Conceptualizing ‘people on the move’ in the Horn of Africa & Yemen by Melissa Phillips

Melissa Phillips profile picDR. MELISSA PHILLIPS works for the Regional Mixed Migration Secretariat for the Horn of Africa and Yemen. She is also an Honorary Fellow in the School of Social and Political Sciences at the University of Melbourne. Melissa has over 15 years experience working with refugees and asylum-seekers in Australia, Ethiopia, the United Kingdom, Libya and South Sudan. Her research interests include transit migration, multiculturalism and the role of diasporas.

 

 


 

In a region strongly associated with large refugee camps, the issue of seaborne migrants and asylum seekers is forcing many in the Horn of Africa and Yemen (HoAY) to re-think the nature of displacement both spatially and temporally, to re-consider definitional approaches and to review ways of providing protection.

The phenomenon of seaborne migrants and asylum seekers occurs in two ways in the HoAY. Firstly migrants, mostly Ethiopian, and refugees from Somalia, cross the Red Sea and Gulf of Aden in the hope of reaching Yemen and moving on to Saudi Arabia. In 2014 almost 91,592 people made this journey, with 250 drowning or dying at sea and thousands more being abducted before they arrived.[1] The HoAY is also the starting point for many who seek to go from Ethiopia through Sudan and into Libya, where they take boats across the Mediterranean. Eritreans and Somalis comprise a significant proportion of asylum seekers using this sea route.

Contrast this picture of dynamic movements and mixed populations with the clear and bounded spaces offered by refugee camps such as Dadaab or Kakuma in Kenya. Putting aside the limitations and multiple problems associated with camp-based responses, camp populations can be defined as refugees and their status often remains fixed in time, just as these refugees are fixed in place. In comparison, the hyper-mobility displayed by migrants and asylum seekers as described above is typified by lengthy periods of time and immense distances. The definitional status of people on the move, be they refugees or migrants, is also less clear. For instance an Ethiopian woman who leaves her country irregularly in search of better employment opportunities may start her journey as a migrant, going on foot to Djibouti, only to find herself held by smugglers for ransom. If she finds sufficient funds to pay for a sea journey to Yemen, there is a real risk that she will be abducted and abused by criminal gangs operating off the coast of Yemen, and possibly even trafficked.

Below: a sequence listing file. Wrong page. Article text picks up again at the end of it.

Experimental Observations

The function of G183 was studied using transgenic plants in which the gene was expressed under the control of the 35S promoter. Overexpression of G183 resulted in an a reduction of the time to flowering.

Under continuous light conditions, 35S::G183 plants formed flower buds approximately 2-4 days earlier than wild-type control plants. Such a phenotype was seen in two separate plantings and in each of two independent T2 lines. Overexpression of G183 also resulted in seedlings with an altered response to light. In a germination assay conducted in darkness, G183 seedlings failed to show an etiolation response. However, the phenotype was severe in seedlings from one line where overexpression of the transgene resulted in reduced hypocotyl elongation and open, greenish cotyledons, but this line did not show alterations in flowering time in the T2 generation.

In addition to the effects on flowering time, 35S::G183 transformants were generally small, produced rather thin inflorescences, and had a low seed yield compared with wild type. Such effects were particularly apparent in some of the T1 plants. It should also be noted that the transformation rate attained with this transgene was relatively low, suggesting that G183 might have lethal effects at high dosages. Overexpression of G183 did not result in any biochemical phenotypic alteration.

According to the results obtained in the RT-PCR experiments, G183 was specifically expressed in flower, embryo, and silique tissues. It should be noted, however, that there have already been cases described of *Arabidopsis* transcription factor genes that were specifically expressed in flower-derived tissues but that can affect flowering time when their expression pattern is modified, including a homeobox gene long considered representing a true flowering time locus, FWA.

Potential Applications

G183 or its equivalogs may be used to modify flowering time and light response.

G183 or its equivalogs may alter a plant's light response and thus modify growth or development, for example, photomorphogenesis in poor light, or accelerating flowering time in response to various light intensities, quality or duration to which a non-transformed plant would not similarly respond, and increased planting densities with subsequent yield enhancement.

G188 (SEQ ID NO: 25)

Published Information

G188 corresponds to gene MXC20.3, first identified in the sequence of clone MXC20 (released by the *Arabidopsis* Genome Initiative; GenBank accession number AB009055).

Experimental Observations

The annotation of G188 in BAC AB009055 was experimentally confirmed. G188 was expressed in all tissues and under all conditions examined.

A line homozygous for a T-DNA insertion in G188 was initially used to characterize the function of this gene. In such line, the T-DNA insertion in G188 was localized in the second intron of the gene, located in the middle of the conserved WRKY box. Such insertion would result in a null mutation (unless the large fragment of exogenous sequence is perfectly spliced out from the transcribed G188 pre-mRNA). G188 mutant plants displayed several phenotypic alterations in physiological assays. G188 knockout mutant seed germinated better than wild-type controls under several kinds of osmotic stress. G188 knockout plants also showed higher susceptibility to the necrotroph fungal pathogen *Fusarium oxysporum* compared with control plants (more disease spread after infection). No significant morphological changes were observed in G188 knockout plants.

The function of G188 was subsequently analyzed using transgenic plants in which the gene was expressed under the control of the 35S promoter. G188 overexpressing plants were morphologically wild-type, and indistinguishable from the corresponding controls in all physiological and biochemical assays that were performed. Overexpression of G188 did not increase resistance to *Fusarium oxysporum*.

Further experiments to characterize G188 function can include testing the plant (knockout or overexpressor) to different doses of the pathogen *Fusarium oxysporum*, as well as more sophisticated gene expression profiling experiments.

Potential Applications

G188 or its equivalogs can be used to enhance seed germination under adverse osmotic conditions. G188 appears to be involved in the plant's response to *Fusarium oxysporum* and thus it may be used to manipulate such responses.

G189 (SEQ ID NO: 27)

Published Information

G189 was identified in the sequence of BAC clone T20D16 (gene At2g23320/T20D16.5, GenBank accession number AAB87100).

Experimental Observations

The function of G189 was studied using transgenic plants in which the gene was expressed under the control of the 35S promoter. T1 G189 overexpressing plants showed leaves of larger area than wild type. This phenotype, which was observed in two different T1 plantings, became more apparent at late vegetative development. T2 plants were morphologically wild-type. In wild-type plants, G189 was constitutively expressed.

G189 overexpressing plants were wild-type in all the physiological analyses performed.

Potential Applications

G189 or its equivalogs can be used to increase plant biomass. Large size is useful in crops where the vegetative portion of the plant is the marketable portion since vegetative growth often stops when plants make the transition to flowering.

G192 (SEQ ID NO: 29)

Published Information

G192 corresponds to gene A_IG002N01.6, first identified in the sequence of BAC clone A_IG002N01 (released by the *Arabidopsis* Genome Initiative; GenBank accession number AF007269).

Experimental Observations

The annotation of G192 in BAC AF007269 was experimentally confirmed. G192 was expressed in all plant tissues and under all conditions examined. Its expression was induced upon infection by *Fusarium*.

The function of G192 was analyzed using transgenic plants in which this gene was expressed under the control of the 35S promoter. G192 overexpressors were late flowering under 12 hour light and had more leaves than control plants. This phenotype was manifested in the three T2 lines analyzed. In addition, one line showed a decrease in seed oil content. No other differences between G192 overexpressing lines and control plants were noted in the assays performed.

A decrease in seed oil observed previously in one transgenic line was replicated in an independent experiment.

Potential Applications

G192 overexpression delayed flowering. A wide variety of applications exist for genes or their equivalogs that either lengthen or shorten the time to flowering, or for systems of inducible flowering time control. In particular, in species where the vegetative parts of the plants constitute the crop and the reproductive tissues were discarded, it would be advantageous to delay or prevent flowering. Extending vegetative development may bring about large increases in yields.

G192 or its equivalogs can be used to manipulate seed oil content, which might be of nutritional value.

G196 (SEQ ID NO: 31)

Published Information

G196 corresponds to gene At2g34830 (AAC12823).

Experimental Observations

Such a sliding definitional scale, spanning the continuum from migrant, trafficked person and, in other cases, to refugee, is linked to the nature of irregular journeys made by sea and land and the use of smugglers and brokers to facilitate journeys. Labels such as ‘mixed migrants or ‘people on the move’ have become convenient catch-all phrases in such contexts, but could they jeopardise the protection space carved out for refugees and asylum seekers?[2]

At a practical level, providing protection to people en route may make it harder to enforce rigid distinctions between refugee, migrant and asylum seeker.[3] For example when a boat is sinking in open seas or police round up and detain a group of people trying to cross a border without documents, there are grave protection concerns for all. [4] In the years to come, as this issue grows in scale and scope, the phenomena of seaborne migrants and asylum seekers will likely stretch and challenge our conceptions of refugees and forced migration even further. Contending with the reality of mobility in the HoAY region is one way to ensure a grounded approach.

 

[1] For more details and figures, see RMMS Mixed Migration Monthly Summaries and RMMS (2014), Abused & Abducted: the plight of female migrants from the Horn of Africa in Yemen.

[2] Melissa Phillips (1 July 2014), “The effect of negative labeling – Why are we still talking about ‘migrants’?”, Guest Post for Migrants at Sea available at http://migrantsatsea.org/2014/07/01/guest-post-the-effect-of-negative-labelling-why-are-we-still-talking-about-migrants/ .

[3] For more on this see Roger Zetter (2014), Protecting Forced Migrants: A State of the Art Report of Concepts, Challenges and Ways Forward. Bern: Federal Commission on Migration FCM and Melissa Phillips (2014), Protecting People on the Move: Mixed Migration in Volatile Contexts, Danish Refugee Council Evaluation and Learning Paper No. 3 available at http://drc.dk/about-drc/publications/evaluation-and-learning-briefs/ .

[4] In this regard, recent efforts to promote the human rights of migrants at international borders are to be commended; Office for the High Commissioner of Human Rights (2014), Recommended Principles and Guidelines on Human Rights at International Borders available at http://www.ohchr.org/Documents/Issues/Migration/A-69-CRP-1_en.pdf .

 

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